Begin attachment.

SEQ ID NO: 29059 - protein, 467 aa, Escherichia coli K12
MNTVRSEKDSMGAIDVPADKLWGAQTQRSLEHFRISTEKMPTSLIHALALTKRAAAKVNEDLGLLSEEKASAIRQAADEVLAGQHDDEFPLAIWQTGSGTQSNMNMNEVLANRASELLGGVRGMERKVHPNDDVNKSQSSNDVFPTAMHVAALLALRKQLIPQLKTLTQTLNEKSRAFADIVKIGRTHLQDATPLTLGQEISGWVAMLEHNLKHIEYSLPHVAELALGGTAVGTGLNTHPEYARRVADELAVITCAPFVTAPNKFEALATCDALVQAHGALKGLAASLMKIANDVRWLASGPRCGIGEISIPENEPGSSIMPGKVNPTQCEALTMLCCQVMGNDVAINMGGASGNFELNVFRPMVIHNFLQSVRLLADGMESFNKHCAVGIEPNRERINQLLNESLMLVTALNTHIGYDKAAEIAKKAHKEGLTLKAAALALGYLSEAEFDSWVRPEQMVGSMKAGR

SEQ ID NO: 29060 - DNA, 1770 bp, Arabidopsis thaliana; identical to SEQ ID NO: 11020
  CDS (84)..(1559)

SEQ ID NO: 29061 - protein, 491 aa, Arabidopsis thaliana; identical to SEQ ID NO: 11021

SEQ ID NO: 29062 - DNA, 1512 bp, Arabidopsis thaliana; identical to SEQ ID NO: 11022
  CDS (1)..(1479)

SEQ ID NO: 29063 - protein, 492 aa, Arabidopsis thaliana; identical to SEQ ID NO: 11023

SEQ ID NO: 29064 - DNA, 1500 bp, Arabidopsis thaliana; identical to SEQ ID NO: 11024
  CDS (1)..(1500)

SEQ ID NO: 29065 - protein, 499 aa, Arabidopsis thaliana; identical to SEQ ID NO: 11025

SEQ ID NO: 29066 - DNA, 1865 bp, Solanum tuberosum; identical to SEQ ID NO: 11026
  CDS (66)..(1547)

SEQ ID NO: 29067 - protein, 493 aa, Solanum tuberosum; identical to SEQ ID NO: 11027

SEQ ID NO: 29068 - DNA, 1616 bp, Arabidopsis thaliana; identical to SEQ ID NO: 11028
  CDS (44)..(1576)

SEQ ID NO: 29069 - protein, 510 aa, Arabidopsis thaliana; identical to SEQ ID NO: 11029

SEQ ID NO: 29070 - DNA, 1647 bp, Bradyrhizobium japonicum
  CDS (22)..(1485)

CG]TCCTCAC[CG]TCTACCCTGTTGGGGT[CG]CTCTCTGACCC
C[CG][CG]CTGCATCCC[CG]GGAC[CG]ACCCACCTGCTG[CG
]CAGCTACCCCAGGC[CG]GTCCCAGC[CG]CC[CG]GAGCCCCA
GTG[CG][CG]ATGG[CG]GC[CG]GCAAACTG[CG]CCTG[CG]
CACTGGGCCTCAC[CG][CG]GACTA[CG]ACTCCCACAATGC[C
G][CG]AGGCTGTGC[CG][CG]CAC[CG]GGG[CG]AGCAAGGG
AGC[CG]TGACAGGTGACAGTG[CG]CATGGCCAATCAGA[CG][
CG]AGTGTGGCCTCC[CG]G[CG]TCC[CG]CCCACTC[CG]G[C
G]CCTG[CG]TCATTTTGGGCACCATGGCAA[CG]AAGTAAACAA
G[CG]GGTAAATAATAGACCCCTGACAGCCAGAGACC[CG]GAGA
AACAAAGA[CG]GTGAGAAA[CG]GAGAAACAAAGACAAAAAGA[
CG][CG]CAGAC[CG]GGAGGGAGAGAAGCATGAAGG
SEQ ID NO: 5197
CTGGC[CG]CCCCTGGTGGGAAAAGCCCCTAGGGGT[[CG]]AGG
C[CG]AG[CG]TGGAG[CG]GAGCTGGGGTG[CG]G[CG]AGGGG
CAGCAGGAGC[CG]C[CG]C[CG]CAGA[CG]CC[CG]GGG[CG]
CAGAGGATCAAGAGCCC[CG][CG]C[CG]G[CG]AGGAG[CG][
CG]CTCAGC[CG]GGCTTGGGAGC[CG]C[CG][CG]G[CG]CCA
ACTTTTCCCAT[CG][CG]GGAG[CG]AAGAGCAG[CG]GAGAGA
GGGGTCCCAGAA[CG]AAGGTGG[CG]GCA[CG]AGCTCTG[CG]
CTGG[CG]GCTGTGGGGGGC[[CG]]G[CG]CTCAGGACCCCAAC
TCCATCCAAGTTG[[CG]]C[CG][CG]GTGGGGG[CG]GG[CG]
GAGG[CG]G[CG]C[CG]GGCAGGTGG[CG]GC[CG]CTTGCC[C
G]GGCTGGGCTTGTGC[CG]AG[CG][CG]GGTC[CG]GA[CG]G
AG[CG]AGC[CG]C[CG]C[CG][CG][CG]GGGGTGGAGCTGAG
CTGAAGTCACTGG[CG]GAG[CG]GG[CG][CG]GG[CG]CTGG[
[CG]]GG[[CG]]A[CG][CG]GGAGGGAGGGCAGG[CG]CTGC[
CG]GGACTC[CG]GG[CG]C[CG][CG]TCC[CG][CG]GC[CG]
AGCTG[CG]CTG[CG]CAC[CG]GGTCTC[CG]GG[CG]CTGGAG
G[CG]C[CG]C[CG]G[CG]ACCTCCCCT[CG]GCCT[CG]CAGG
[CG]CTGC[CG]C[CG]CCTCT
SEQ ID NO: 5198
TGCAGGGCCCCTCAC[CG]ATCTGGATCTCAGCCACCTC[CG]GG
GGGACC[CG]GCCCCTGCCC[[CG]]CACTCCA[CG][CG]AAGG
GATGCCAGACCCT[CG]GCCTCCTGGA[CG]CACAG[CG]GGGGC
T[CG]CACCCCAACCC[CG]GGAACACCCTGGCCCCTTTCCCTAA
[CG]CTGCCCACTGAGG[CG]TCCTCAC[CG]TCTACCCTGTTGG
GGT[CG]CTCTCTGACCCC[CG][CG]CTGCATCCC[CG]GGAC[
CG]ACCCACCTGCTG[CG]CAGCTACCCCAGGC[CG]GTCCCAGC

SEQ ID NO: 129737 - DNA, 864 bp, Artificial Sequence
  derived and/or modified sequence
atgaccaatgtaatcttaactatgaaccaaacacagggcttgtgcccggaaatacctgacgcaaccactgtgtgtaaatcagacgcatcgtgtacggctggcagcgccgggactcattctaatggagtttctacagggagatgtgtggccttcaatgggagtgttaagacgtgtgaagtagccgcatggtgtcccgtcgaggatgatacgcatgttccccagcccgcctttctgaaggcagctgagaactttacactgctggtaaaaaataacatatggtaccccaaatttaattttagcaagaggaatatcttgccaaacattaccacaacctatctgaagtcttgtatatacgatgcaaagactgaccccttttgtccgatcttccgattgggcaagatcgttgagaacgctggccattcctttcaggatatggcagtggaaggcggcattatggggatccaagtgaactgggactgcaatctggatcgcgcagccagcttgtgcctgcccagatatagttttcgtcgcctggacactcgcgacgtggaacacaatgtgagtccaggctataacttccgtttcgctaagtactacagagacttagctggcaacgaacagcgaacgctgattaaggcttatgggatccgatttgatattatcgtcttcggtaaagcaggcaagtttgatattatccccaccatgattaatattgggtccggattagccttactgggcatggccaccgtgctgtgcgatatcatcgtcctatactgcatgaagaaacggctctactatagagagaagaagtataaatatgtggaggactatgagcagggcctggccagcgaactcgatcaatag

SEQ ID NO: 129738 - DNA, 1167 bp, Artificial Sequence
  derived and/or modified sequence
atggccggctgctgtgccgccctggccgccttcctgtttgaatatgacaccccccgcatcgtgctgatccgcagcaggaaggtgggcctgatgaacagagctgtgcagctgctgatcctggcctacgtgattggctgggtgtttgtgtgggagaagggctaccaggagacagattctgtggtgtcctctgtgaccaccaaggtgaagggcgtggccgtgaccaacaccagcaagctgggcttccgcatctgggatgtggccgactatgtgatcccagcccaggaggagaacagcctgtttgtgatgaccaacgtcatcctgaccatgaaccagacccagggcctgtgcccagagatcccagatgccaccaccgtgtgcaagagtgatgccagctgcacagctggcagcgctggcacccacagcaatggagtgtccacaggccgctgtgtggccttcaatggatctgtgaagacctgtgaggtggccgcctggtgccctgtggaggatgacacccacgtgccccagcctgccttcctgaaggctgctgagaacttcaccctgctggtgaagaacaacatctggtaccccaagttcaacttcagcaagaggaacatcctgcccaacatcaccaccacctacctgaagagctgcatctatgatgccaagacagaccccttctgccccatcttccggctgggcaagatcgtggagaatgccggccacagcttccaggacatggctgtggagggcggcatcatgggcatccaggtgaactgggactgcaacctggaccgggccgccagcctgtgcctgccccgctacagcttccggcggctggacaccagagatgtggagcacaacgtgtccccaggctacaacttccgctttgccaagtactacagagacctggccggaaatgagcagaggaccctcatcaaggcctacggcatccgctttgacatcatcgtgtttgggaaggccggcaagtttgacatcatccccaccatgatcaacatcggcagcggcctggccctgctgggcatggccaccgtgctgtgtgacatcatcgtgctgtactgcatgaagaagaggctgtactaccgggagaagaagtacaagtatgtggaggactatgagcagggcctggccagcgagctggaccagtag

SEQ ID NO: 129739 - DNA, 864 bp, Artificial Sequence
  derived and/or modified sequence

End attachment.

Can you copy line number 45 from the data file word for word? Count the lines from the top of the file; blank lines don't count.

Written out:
CTGAAGTCACTGG[CG]GAG[CG]GG[CG][CG]GG[CG]CTGG[